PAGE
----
Format A Flash Drive To Work With OS X And Windows [Video How-To]

Format A Flash Drive To Work With OS X And Windows [Video How-To]

For users who work with both Macs and PCs, having a flash drive that can work between both and seamlessly transport files can be critical. The tricky part is choosing the filesystem that provides the best interoperability between both computers. In this video, I’ll show how to format a flash drive for both Macs and PCs the right way.

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  • Michael Steeber

    I know I’ll get asked, so here’s my wallpaper :) http://cl.ly/BSUS

  • anon

    Should mention the formatting scheme should be master boot record. Older Windows machines do not understand GUID.

  • oscarfeliciano

    It should be noted that, for transferring large files (like disc image or video files over 4GB), FAT is useless.  You will need to use exFAT for full read/write-compatibility between more current machines running Windows XP (or higher) or Snow Leopard/Lion.

  • jeanlouisnguyen

    Thanks Michael, short article but your video is to the point and useful. A fresh change of air from John Brownlee’s usual “go Apple!” obsession.

  • martinberoiz

    tl;dr Choose MS-DOS (FAT) in Disk Utility. (ExFAT for newer machines and long files)

  • OYeahThatGuy

    Can I use ExFAT to format a external hard drive? I bought a 1TB HD but it will only work on my mac

  • freddy

    Really helpful “how-to” as I work with a MBP at home and I “have to” use a PC at work :-)

  • 0×90

    The pictured Cruzer drive is the worst product available for MBP users because it blocks the second USB port… Rant aside: ExtFAT also needed for drives >32 GB but it’s slow as hell (if you have speedy media such that it’s not the bottleneck). MacFUSE also an option for write to NTFS and analogously the Java-based hfsexplorer will read HFS-formatted drives in windows.

  • Tommy Peters

    For large drives and even small flash ones, I would apply Partition > 1 Partition > Options > Master Boot Record > Apply 

  • Timothy Churchward

    I used to have an NTFS formatted hard disk and MacFUSE on my Mac at home, but I constantly faced data loss and all sorts of problems to do with the way MacFUSE and Windows handle the drives or something…. I often lost all my data and had to find a PC to run chkdsk to get it all back. 

    A year ago I gave up and formatted all my removable media for Mac OS and I haven’t had any problems as I rarely deal with PCs anymore – but just incase, I have a small partition with a freeware standalone MacDrive-like file explorer so I can grab files if I need to. I can also use the free space on this partition to write files to take with me. Works well, never had any issues!Although, it would be nice if Macs could write to NTFS out of the box and if Windows could at least read Mac drives, if not write to them.

  • Ian from the Q

    I use a 16GB usb flash drive. And regularly transport files larger than 4gb so I have to have ntfs. I formatted my drive on my Windows machine into ntfs and on the Mac, installed NTFS-3G and MacFUSE.  So far it has worked with no problems, reading or writing on either machine.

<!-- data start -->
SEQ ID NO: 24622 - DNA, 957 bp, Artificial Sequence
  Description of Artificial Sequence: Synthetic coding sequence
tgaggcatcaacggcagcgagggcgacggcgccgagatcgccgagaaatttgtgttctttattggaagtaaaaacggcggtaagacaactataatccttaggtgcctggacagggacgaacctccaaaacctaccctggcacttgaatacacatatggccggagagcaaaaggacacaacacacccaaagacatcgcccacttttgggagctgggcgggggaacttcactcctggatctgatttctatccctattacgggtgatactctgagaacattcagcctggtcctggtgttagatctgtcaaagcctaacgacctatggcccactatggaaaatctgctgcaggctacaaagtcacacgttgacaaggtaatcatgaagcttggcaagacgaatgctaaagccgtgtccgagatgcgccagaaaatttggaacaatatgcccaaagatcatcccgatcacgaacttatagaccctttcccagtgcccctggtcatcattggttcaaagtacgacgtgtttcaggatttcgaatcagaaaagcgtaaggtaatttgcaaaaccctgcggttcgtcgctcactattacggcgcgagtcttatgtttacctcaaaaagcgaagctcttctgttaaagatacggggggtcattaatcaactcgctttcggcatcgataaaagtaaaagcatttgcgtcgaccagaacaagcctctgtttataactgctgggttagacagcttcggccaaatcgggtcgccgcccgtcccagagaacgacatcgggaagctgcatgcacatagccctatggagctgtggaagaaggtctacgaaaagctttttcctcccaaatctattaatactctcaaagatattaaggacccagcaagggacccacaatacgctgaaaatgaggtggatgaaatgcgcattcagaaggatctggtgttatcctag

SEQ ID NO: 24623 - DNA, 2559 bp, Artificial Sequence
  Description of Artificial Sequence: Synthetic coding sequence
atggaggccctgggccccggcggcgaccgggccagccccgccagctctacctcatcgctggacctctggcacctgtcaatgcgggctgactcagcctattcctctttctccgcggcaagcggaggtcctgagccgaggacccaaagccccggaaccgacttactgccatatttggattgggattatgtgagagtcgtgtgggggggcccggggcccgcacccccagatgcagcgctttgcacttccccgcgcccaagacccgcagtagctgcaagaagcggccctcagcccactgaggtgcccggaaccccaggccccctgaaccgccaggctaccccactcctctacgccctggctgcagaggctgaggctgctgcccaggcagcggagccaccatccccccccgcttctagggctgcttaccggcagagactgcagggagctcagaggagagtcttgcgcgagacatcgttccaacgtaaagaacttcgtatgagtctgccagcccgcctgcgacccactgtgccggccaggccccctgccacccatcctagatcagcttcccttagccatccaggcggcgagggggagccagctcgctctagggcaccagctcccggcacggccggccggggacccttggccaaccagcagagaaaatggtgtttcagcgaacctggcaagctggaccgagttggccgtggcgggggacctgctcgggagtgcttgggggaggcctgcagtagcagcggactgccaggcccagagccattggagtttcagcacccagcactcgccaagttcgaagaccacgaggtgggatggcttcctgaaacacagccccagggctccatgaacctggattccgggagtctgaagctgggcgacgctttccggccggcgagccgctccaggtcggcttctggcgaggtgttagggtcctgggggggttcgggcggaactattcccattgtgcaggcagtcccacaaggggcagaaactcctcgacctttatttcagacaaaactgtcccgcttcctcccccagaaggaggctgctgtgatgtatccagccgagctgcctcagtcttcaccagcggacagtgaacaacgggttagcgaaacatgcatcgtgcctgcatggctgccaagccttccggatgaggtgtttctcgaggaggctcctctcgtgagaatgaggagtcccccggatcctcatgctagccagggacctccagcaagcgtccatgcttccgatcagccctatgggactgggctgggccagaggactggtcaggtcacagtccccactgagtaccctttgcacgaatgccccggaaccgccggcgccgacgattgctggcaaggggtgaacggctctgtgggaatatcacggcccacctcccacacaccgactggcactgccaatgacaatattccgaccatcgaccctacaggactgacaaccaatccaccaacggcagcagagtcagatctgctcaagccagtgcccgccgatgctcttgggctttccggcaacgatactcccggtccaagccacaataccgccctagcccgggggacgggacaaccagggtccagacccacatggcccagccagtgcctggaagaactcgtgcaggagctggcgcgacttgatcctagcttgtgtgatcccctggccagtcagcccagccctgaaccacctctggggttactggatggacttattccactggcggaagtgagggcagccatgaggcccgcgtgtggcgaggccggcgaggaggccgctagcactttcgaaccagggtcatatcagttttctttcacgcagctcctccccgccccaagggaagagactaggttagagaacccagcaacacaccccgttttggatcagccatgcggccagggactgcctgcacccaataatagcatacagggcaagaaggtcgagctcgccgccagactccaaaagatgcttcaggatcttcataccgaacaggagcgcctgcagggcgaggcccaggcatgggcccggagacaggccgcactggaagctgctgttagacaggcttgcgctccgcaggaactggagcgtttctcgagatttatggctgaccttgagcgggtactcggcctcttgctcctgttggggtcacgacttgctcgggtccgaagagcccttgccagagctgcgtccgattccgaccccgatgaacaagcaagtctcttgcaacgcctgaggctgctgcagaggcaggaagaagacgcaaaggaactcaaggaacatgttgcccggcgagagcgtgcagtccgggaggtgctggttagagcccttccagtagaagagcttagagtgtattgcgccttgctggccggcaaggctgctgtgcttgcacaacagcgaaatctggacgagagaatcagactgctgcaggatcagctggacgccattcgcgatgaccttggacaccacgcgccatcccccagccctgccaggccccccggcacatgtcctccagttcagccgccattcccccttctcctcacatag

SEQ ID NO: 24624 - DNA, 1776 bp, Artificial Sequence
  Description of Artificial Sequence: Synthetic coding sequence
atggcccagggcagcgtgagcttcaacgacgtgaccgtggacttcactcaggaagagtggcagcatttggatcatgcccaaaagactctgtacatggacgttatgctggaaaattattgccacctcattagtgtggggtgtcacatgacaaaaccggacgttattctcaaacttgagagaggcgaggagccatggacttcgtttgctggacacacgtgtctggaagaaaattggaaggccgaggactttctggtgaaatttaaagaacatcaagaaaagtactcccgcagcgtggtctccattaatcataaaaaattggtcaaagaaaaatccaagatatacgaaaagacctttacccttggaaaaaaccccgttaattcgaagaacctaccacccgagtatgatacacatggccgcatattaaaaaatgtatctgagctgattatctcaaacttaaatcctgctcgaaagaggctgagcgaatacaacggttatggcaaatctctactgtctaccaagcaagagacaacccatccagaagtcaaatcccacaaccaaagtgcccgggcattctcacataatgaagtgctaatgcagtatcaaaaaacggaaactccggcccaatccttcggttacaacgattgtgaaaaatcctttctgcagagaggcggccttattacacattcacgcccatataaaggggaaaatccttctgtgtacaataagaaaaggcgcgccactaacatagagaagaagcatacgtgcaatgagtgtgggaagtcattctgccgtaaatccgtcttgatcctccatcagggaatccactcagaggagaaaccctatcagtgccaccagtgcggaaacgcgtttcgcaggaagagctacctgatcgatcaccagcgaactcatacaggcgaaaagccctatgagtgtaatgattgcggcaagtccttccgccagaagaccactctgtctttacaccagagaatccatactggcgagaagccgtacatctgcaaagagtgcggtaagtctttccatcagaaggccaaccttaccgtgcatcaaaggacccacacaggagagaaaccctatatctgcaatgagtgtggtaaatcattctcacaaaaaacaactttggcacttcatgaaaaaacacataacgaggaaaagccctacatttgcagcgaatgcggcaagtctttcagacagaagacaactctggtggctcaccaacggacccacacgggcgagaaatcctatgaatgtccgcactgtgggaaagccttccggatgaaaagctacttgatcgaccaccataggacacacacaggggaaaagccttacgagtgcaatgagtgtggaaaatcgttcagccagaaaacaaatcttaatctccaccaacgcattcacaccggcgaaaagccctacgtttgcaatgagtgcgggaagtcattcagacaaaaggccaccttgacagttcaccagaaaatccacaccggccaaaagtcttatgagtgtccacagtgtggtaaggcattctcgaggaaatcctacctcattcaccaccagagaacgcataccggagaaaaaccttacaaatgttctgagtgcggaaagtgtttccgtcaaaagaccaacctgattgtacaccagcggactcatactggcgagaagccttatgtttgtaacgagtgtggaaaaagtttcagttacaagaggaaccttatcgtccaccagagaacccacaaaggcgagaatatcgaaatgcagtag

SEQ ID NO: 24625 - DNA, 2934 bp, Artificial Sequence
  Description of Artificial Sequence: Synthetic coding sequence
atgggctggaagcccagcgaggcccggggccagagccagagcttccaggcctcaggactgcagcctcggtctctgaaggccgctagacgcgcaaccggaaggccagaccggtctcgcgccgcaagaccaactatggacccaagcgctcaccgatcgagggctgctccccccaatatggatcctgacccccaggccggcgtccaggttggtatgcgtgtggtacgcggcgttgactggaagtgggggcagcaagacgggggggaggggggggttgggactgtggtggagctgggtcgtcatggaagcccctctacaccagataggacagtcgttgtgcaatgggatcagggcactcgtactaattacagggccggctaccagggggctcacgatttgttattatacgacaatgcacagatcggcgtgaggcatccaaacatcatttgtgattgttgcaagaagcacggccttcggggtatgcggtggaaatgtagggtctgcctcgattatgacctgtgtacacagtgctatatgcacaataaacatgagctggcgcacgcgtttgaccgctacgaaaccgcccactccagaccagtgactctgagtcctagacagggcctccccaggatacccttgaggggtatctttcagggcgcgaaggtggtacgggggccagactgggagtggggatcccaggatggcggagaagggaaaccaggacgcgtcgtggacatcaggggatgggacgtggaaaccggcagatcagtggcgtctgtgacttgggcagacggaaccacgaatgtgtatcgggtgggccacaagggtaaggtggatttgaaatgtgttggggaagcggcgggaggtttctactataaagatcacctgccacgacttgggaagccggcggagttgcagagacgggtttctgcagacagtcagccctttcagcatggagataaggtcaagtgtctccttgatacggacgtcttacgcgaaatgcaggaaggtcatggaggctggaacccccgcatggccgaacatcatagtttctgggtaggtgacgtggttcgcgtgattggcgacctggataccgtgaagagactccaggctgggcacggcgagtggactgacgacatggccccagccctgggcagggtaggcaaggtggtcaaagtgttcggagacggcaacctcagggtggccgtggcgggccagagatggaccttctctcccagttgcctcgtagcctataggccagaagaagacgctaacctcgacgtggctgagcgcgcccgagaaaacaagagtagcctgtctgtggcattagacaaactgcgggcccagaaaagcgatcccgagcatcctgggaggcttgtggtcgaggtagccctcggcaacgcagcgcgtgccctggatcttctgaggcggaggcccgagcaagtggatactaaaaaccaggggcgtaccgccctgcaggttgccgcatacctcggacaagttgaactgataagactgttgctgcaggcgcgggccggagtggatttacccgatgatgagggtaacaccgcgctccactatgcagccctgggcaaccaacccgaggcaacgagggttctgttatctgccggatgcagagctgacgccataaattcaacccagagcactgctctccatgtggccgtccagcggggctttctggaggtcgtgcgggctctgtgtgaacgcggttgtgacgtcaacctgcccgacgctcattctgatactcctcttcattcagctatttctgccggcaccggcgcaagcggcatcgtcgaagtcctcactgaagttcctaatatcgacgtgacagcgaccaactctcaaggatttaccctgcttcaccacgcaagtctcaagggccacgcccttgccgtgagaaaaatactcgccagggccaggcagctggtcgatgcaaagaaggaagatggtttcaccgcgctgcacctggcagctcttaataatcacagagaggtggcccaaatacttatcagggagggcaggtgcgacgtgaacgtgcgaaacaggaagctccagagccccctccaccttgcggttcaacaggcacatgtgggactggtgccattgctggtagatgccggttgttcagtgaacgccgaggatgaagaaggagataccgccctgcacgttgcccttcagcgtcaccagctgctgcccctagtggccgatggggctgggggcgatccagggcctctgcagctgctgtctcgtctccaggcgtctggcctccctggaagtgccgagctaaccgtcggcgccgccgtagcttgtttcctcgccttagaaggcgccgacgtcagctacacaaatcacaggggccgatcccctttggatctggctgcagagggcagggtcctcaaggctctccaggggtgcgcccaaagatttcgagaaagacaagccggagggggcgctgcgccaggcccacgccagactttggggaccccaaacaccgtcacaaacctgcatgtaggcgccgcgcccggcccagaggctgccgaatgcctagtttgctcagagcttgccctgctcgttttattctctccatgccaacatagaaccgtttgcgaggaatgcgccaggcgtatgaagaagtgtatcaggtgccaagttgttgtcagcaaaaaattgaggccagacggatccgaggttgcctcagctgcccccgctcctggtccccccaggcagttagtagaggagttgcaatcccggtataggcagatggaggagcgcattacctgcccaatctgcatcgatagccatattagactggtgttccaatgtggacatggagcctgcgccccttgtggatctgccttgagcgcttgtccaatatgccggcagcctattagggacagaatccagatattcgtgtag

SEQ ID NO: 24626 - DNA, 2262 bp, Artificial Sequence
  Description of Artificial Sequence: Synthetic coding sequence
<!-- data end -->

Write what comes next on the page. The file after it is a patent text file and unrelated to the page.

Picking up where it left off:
• flyoverland

    I have been having an intermittent problem with my iMac (Lion) not recognizing flash drives. These are new, never used flash drives and they do not pop up as being connected. Is there a fix for this? 

  • Stephen Kirby

    Only written yesterday? Why no mention of MacFuse and NTFS-3G? Much better solution all round. I use Tuxera with no probe. 

  • John Adams

    oh thank god someone else did a tldr.  four minutes to boil it down to:

    msdos fat if you’re too cheap to upgrade to windows 7/lion.
    else use exfat.

  • Mike Rathjen

    I appreciate that exFAT works on both Windows and OS X natively, and supports large volumes and large files. One problem I’ve noticed is that Time Machine doesn’t know what to do with exFAT.

    It will not backup exFAT volumes nor will it backup to an exFAT volume.

  • Michael Steeber

    In the end it may provide more functionality, but there’s a reasonable amount of hassle there, not worth it for many people.

  • Michael Steeber

    Thanks!

  • Joshua Youngsma

    I don’t like to use exFat as it doesn’t work with early versions of Snow Leopard and before. I personally use the NTFS driver that came with my Seagate External drive(2 TB external Freeagent) and it works great with any NTFS drives I have to access. I am currently using Snow Leopard.

  • Azharhamzahya

    Thanks Buddy.Really Helpful 

  • Michael Knaak

    “Too cheap to upgrade”? I won’t pay for Microsoft products as long as they can be pirated!

  • Stephen Kirby

    yes maybe so, but worth considering I feel. Perhaps a future item? Stephen.

  • Jesse Gilbride

    Just a small clarification; FAT and FAT32 are, technically, not the same thing.  For purposes of this video, though, we can skip that detail.

    ExFAT was developed by Microsoft for making USB/flash drives faster and more compatible. Assuming that a user knows if their Mac is OS 10.6.5+, and that most Windows machines run XP SP2+, I would think ExFAT would be a more ideal choice in most situations.

About the author

Michael SteeberMichael Steeber is a student who is obsessed with everything Apple. He enjoys making videos and runs the MSComputerVideos YouTube channel in his free time. You can follow him on Twitter as well.

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